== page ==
Researchers in the US have combined a solar cell and a flow battery to create an integrated power system.
The team at the University of Wisconsin–Madison developed a low cost halide perovskite tandem solar cell as the source of the energy. These are shwong efficiencies of 24 to 27 percent by usng a perovskite layer on top of a standard silicon solar cell. The energy from this tandem cell was then stored in a flow battery developed with two organic chemicals optimised for the cell voltage. This produced an overall energy efficiency of 20.1 percent from source to output.
“Our motivation for the design of the solar cell was to combine these two materials together so we have both high efficiency and good stability,” said Wenjie Li, one of the researchers.
Professor Anita Ho-Baillie and postdoctoral researcher Jianghui Zheng in Australia fabricated the perovskite-silicon solar cells with an additional protection layer on the silicon surface. They shipped the solar cells to Wisconsin for testing.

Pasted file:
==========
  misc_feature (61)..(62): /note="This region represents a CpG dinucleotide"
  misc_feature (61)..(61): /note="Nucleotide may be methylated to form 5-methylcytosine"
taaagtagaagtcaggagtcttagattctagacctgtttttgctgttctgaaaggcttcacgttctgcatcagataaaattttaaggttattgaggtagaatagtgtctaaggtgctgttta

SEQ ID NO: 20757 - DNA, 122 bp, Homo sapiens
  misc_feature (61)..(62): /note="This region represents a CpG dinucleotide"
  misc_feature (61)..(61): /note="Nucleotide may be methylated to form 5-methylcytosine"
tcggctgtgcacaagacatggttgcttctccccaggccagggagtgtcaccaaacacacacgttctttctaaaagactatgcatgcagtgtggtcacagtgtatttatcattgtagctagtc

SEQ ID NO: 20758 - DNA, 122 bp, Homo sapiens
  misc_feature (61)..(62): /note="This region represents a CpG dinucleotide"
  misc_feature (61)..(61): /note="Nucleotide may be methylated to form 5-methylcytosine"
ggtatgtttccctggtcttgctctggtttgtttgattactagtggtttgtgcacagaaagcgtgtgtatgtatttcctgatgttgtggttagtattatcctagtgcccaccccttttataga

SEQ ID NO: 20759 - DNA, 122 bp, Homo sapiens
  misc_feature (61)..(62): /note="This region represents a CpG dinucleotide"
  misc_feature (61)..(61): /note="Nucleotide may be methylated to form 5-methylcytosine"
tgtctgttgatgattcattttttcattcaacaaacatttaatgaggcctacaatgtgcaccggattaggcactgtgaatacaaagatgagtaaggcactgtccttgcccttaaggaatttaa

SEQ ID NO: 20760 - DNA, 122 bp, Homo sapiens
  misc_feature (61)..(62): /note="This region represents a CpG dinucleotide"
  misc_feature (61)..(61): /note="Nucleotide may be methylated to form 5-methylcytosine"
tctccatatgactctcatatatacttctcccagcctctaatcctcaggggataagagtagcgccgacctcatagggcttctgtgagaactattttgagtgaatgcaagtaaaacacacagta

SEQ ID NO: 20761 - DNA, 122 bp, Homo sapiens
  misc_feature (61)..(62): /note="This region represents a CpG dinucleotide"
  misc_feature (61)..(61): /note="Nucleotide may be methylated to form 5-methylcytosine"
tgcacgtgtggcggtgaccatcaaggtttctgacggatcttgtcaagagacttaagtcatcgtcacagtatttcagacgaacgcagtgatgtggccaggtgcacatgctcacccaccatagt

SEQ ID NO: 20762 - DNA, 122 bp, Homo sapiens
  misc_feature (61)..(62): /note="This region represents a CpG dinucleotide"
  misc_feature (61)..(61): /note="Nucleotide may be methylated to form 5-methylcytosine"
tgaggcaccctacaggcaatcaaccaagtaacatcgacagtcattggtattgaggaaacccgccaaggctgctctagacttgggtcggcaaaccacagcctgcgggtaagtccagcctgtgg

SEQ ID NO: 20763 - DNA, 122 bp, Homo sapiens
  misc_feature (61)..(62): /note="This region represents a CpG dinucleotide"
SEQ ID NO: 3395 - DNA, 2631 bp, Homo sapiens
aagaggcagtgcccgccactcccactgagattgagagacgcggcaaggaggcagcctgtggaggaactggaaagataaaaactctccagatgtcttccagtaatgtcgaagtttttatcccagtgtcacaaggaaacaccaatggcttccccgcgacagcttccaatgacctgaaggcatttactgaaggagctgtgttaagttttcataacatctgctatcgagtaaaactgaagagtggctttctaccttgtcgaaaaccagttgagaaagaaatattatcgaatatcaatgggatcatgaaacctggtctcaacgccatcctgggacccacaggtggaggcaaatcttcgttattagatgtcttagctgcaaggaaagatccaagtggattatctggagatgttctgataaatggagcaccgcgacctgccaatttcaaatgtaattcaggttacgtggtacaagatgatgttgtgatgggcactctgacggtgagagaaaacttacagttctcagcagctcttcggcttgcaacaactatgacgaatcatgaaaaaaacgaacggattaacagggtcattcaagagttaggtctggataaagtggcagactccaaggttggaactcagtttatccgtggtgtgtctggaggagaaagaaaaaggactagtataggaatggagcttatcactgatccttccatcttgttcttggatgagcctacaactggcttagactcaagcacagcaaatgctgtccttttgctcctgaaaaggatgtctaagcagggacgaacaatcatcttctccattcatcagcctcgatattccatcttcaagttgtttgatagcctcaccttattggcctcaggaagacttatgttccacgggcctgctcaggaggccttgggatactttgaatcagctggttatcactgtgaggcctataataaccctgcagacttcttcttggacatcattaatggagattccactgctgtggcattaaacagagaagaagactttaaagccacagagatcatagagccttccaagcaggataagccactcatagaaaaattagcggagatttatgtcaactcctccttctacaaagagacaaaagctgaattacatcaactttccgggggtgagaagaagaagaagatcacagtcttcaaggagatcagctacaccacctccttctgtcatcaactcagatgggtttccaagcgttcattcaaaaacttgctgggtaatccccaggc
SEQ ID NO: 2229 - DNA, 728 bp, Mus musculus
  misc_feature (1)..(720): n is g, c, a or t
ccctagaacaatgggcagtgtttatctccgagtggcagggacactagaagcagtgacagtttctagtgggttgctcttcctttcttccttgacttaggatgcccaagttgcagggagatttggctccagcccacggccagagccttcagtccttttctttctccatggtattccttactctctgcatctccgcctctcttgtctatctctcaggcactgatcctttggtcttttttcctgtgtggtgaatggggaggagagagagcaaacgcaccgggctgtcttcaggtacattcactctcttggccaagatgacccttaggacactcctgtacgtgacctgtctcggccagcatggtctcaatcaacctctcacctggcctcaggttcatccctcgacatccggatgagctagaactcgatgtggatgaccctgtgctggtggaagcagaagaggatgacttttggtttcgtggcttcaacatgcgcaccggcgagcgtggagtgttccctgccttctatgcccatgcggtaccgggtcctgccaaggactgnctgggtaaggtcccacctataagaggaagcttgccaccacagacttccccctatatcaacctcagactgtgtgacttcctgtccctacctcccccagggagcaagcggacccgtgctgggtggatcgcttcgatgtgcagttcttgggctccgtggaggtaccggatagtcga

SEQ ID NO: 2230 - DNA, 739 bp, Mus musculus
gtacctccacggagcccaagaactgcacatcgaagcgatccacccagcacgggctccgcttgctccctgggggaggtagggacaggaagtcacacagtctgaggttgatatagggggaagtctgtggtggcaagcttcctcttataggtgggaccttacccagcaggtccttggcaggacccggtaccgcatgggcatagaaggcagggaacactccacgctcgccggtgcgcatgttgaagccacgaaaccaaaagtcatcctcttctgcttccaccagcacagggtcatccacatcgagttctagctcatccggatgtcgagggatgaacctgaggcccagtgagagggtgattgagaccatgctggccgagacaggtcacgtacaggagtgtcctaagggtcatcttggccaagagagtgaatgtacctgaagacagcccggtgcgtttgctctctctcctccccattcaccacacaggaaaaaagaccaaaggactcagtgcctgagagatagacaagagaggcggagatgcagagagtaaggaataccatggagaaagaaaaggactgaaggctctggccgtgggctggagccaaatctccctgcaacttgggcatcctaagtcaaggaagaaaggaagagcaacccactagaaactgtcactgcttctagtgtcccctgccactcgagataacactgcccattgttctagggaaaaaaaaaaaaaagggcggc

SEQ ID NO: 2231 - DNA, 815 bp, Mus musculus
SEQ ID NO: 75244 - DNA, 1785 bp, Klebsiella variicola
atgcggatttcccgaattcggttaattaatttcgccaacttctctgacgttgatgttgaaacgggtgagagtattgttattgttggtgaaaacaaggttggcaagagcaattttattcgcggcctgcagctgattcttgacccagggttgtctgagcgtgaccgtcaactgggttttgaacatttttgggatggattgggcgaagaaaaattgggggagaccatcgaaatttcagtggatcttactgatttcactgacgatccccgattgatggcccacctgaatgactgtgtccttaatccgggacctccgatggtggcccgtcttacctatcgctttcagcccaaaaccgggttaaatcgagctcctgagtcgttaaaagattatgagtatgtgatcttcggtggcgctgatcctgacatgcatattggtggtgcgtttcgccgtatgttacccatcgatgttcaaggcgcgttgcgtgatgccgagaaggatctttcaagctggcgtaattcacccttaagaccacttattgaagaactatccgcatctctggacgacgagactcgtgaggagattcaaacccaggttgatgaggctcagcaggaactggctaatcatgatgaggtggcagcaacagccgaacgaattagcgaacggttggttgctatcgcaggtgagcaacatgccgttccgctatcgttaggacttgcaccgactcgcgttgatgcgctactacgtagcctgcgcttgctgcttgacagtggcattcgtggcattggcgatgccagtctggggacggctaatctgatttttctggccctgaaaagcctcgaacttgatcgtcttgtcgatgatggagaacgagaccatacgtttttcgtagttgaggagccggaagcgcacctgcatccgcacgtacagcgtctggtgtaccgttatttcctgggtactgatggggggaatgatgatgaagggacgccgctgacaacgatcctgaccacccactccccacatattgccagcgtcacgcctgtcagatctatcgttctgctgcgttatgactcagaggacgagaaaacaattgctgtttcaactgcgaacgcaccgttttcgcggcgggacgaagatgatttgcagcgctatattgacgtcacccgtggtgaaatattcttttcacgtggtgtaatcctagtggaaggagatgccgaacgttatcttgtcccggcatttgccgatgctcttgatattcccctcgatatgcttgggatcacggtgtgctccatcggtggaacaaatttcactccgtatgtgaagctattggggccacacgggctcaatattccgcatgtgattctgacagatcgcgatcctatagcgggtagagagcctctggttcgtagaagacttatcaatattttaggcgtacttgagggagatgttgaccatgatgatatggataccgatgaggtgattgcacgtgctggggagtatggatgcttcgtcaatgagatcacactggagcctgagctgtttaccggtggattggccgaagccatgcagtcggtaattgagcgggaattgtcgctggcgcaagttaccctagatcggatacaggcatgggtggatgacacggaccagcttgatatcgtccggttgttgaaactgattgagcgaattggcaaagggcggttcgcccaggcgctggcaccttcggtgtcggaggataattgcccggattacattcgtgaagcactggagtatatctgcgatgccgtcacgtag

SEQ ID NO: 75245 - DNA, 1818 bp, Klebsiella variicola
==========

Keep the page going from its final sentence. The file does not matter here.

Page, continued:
To predict the ideal voltage that the flow batteries should run at, Li developed a new theoretical modelling method. This allowed the selection of a pair of chemicals in the flow based on the characteristics of the solar cell, maximizing efficiency. The chemicals are organic compounds rather than metals such as vanadium or zinc as in traditional flow batteries, and are dissolved in a solution of salt rather than strong acids.
Utah State University chemistry professor T. Leo Liu and his graduate students provided the key matching chemicals, a BTMAP-Vi/NMe-TEMPO redox combination.
This combination maintained the high efficiency over hundreds of hours and hundreds of charge-discharge cycles while retaining most of the capacity of the integrated power system. That lifespan was several times longer than earlier devices developed in the same lab. This is key as the stability of aqeuous organic salts over time in